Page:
THERE SHOULD BE MORE TURKISH SCHOOLS IN GERMANY
By Gerhard Schroder, Former Chancellor Of Germany

Bild.com
http://www.bild.de/BILD/news/bil d-english/world-news/2010/03/31/former-chancellor- gerhard-schroeder/there-should-be-more-turkish-sch ools-in-germany.html
March 31 2010
Germany

Former German Chancellor Gerhard Schroeder has written in BILD why
he believes there should be more Turkish schools in Germany.

Turkish Prime Minister Recep Tayyip Erdogan has put forward a good
proposal. We need more German-Turkish schools in our country, because
they not only help with integration but make Germany a little bit
more international.

Unfortunately, because of some thoughtless words from German
politicians before Chancellor Angela Merkel's trip to Turkey, the
relationship between our two countries has been badly strained.

Both sides must talk realistically and above all together about the
subject of EU entry, instead of about each other.

It is good that the Chancellor is now talking positively about more
German-Turkish schools and obviously perceives the term 'privileged
partnership' as unfortunate. This term should disappear from the
political debate.

There are hundreds of German schools not only in Turkey but
worldwide, schools with German lessons at which German life can also
be experienced.

In Germany there are French, English, Greek and many other
international schools. So why not more Turkish schools as well?

Besides, in the future more teachers of Turkish origin who were
trained at German universities will be employed at German schools.

This would also be an important contribution to integration.

We should neither hold nor stir up any fear. It is a given that our
children - including those with an immigrant background - should
master the German language.

If they don't, then we must ask whether the problem lies in the German
school system.

German-Turkish schools could help to overcome these problems. And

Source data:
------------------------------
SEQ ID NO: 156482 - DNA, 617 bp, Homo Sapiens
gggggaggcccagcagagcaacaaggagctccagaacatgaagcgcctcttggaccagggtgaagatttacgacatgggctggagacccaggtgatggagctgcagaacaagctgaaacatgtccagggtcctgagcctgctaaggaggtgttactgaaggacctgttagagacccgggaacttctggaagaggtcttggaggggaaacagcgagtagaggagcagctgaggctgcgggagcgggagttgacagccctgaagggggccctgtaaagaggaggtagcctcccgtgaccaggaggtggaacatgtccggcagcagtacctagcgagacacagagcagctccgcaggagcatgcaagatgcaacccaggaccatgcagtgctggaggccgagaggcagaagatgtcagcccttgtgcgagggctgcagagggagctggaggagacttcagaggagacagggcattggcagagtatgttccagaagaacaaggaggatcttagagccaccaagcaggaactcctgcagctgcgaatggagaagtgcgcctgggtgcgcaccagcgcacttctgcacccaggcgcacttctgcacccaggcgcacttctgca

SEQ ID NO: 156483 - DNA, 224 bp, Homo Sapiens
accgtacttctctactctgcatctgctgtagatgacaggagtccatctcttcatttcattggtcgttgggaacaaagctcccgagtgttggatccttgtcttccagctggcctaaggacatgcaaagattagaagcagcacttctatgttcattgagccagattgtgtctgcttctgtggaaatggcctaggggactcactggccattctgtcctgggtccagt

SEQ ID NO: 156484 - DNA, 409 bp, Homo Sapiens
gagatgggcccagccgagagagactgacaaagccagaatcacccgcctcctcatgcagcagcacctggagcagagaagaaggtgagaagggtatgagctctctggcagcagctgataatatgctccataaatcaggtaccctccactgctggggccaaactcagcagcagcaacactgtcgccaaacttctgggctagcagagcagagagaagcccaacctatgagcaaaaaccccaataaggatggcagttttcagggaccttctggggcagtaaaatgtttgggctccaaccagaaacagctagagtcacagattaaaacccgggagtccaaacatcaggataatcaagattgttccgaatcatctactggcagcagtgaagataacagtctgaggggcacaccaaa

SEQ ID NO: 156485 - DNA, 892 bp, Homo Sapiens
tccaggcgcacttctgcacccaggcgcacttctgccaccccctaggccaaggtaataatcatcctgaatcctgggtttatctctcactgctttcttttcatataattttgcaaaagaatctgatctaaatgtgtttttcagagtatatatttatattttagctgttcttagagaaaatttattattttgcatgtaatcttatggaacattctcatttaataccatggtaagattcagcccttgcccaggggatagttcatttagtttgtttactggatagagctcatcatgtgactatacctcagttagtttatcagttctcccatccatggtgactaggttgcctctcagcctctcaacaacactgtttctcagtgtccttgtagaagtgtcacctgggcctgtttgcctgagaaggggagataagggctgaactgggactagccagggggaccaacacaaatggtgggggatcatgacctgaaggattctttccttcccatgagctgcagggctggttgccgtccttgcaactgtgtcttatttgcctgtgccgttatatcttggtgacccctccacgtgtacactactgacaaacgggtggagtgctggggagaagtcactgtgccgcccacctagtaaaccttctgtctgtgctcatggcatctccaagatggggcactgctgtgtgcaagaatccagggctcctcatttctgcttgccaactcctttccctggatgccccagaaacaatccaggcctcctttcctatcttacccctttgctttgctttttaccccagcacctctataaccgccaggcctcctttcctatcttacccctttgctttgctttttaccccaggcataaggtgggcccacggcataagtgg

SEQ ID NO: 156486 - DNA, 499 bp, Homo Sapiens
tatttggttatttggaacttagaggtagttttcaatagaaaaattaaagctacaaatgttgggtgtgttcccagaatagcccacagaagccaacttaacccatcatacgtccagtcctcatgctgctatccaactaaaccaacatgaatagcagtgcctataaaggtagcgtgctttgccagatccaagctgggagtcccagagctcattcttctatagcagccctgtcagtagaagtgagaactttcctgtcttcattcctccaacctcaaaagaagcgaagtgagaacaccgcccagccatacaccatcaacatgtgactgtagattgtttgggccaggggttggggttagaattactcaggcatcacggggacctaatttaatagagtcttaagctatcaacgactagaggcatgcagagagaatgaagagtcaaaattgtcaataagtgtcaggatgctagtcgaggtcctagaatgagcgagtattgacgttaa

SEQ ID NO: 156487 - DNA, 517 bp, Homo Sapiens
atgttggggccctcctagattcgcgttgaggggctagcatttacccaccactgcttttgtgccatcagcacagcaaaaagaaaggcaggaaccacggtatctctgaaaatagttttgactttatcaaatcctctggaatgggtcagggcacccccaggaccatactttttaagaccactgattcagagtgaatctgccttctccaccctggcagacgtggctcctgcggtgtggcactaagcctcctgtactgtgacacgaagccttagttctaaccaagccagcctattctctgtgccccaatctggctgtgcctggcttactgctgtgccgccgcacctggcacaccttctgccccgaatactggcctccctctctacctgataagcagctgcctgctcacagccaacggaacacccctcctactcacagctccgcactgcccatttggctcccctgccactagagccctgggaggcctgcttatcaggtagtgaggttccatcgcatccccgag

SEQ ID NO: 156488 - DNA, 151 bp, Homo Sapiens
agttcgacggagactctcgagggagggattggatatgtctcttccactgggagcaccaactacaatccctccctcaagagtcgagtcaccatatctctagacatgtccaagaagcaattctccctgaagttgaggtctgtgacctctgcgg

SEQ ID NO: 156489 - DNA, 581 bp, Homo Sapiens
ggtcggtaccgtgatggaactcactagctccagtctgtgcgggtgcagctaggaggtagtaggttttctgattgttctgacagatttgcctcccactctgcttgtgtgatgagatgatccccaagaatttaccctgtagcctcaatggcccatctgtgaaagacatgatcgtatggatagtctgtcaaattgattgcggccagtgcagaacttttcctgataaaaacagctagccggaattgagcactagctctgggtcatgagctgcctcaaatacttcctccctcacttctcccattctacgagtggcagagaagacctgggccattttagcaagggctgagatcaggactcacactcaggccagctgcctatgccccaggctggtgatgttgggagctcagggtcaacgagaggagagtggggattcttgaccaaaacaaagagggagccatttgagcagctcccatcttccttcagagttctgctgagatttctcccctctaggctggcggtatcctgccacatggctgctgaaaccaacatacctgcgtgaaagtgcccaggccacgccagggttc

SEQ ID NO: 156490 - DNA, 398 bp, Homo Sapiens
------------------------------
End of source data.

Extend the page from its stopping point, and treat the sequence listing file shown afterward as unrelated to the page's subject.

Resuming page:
it is a good thing if children can speak both German and Turkish
perfectly because Turkey is politically, culturally and economically
an important partner for us.

Turkey is already among the 20 biggest economies in the world; it
is far stronger for instance than EU members like Sweden, Poland or
Belgium. And economic growth in Turkey is rapid. We Germans must use
this chance.

Therefore I am an advocate of European Union membership for Turkey.

The country has gone on a brave path of reform under the leadership
of Prime Minister Erdogan.

The steps which have been taken have a historical character, concerning
a fundamental democratisation, Kurdish politics and the communication
process with Armenia.

Germany and the EU would be well advised to support Turkey because we
can see that the pro-European faction in the country faces significant
opposition.

A nationalist policy in Turkey would, however, be fatal. It would
isolate and set back the country. It would also endanger our security
in Europe as a consequence.

Therefore it is vital for the EU and its member states to support
the entry process. That is also true for the German government.

Bilingual schools and universities both in Turkey and Germany can
help to strengthen the former's ties to Europe, build bridges between
the two countries and promote integration. And that would help the
internationalisation of Germany.